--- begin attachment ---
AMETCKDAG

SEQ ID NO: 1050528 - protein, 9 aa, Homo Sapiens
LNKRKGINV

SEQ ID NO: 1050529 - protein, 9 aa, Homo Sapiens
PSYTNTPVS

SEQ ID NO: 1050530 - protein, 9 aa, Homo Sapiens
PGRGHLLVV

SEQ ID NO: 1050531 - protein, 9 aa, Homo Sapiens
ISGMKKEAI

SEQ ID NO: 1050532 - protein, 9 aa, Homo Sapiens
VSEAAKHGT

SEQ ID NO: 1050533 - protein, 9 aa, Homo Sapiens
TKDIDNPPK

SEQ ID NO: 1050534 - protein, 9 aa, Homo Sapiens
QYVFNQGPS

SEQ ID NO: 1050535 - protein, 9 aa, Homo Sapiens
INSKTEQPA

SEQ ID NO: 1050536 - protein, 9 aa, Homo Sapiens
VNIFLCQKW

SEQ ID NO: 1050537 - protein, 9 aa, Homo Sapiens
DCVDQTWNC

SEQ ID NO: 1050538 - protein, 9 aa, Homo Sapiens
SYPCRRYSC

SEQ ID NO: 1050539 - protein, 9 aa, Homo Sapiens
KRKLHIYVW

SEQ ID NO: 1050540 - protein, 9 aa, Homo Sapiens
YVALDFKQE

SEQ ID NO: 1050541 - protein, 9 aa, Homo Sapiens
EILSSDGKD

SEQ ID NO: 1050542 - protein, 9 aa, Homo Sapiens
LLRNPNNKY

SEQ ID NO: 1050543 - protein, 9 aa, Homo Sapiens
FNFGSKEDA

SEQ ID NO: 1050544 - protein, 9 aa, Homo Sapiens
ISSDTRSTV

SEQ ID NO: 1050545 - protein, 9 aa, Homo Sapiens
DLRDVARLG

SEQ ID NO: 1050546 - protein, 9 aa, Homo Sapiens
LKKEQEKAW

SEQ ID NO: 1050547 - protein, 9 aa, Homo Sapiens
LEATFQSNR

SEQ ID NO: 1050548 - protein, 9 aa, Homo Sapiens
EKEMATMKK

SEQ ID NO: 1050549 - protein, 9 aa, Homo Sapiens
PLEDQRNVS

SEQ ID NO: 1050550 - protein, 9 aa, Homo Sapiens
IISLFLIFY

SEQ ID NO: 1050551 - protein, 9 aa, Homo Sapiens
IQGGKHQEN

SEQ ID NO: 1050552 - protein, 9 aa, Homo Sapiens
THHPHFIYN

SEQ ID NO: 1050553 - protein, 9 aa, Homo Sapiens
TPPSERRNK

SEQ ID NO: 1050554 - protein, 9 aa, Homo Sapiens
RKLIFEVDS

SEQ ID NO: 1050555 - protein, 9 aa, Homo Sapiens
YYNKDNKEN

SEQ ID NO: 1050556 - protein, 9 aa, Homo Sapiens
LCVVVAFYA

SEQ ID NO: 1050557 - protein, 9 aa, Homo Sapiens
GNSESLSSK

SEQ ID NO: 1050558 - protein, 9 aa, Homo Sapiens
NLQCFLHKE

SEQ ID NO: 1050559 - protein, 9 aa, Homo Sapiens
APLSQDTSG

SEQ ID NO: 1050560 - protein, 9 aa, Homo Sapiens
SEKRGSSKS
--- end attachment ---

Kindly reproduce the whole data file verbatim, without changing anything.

AMETCKDAG

SEQ ID NO: 1050528 - protein, 9 aa, Homo Sapiens
LNKRKGINV

SEQ ID NO: 1050529 - protein, 9 aa, Homo Sapiens
PSYTNTPVS

SEQ ID NO: 1050530 - protein, 9 aa, Homo Sapiens
PGRGHLLVV

SEQ ID NO: 1050531 - protein, 9 aa, Homo Sapiens
ISGMKKEAI

SEQ ID NO: 1050532 - protein, 9 aa, Homo Sapiens
VSEAAKHGT

SEQ ID NO: 1050533 - protein, 9 aa, Homo Sapiens
TKDIDNPPK

SEQ ID NO: 1050534 - protein, 9 aa, Homo Sapiens
QYVFNQGPS

SEQ ID NO: 1050535 - protein, 9 aa, Homo Sapiens
INSKTEQPA

SEQ ID NO: 1050536 - protein, 9 aa, Homo Sapiens
VNIFLCQKW

SEQ ID NO: 1050537 - protein, 9 aa, Homo Sapiens
DCVDQTWNC

SEQ ID NO: 1050538 - protein, 9 aa, Homo Sapiens
SYPCRRYSC

SEQ ID NO: 1050539 - protein, 9 aa, Homo Sapiens
KRKLHIYVW

SEQ ID NO: 1050540 - protein, 9 aa, Homo Sapiens
YVALDFKQE

SEQ ID NO: 1050541 - protein, 9 aa, Homo Sapiens
EILSSDGKD

SEQ ID NO: 1050542 - protein, 9 aa, Homo Sapiens
LLRNPNNKY

SEQ ID NO: 1050543 - protein, 9 aa, Homo Sapiens
FNFGSKEDA

SEQ ID NO: 1050544 - protein, 9 aa, Homo Sapiens
ISSDTRSTV

SEQ ID NO: 1050545 - protein, 9 aa, Homo Sapiens
DLRDVARLG

SEQ ID NO: 1050546 - protein, 9 aa, Homo Sapiens
LKKEQEKAW

SEQ ID NO: 1050547 - protein, 9 aa, Homo Sapiens
LEATFQSNR

SEQ ID NO: 1050548 - protein, 9 aa, Homo Sapiens
EKEMATMKK

SEQ ID NO: 1050549 - protein, 9 aa, Homo Sapiens
PLEDQRNVS

SEQ ID NO: 1050550 - protein, 9 aa, Homo Sapiens
IISLFLIFY

SEQ ID NO: 1050551 - protein, 9 aa, Homo Sapiens
IQGGKHQEN

SEQ ID NO: 1050552 - protein, 9 aa, Homo Sapiens
THHPHFIYN

SEQ ID NO: 1050553 - protein, 9 aa, Homo Sapiens
TPPSERRNK

SEQ ID NO: 1050554 - protein, 9 aa, Homo Sapiens
RKLIFEVDS

SEQ ID NO: 1050555 - protein, 9 aa, Homo Sapiens
YYNKDNKEN

SEQ ID NO: 1050556 - protein, 9 aa, Homo Sapiens
LCVVVAFYA

SEQ ID NO: 1050557 - protein, 9 aa, Homo Sapiens
GNSESLSSK

SEQ ID NO: 1050558 - protein, 9 aa, Homo Sapiens
NLQCFLHKE

SEQ ID NO: 1050559 - protein, 9 aa, Homo Sapiens
APLSQDTSG

SEQ ID NO: 1050560 - protein, 9 aa, Homo Sapiens
SEKRGSSKS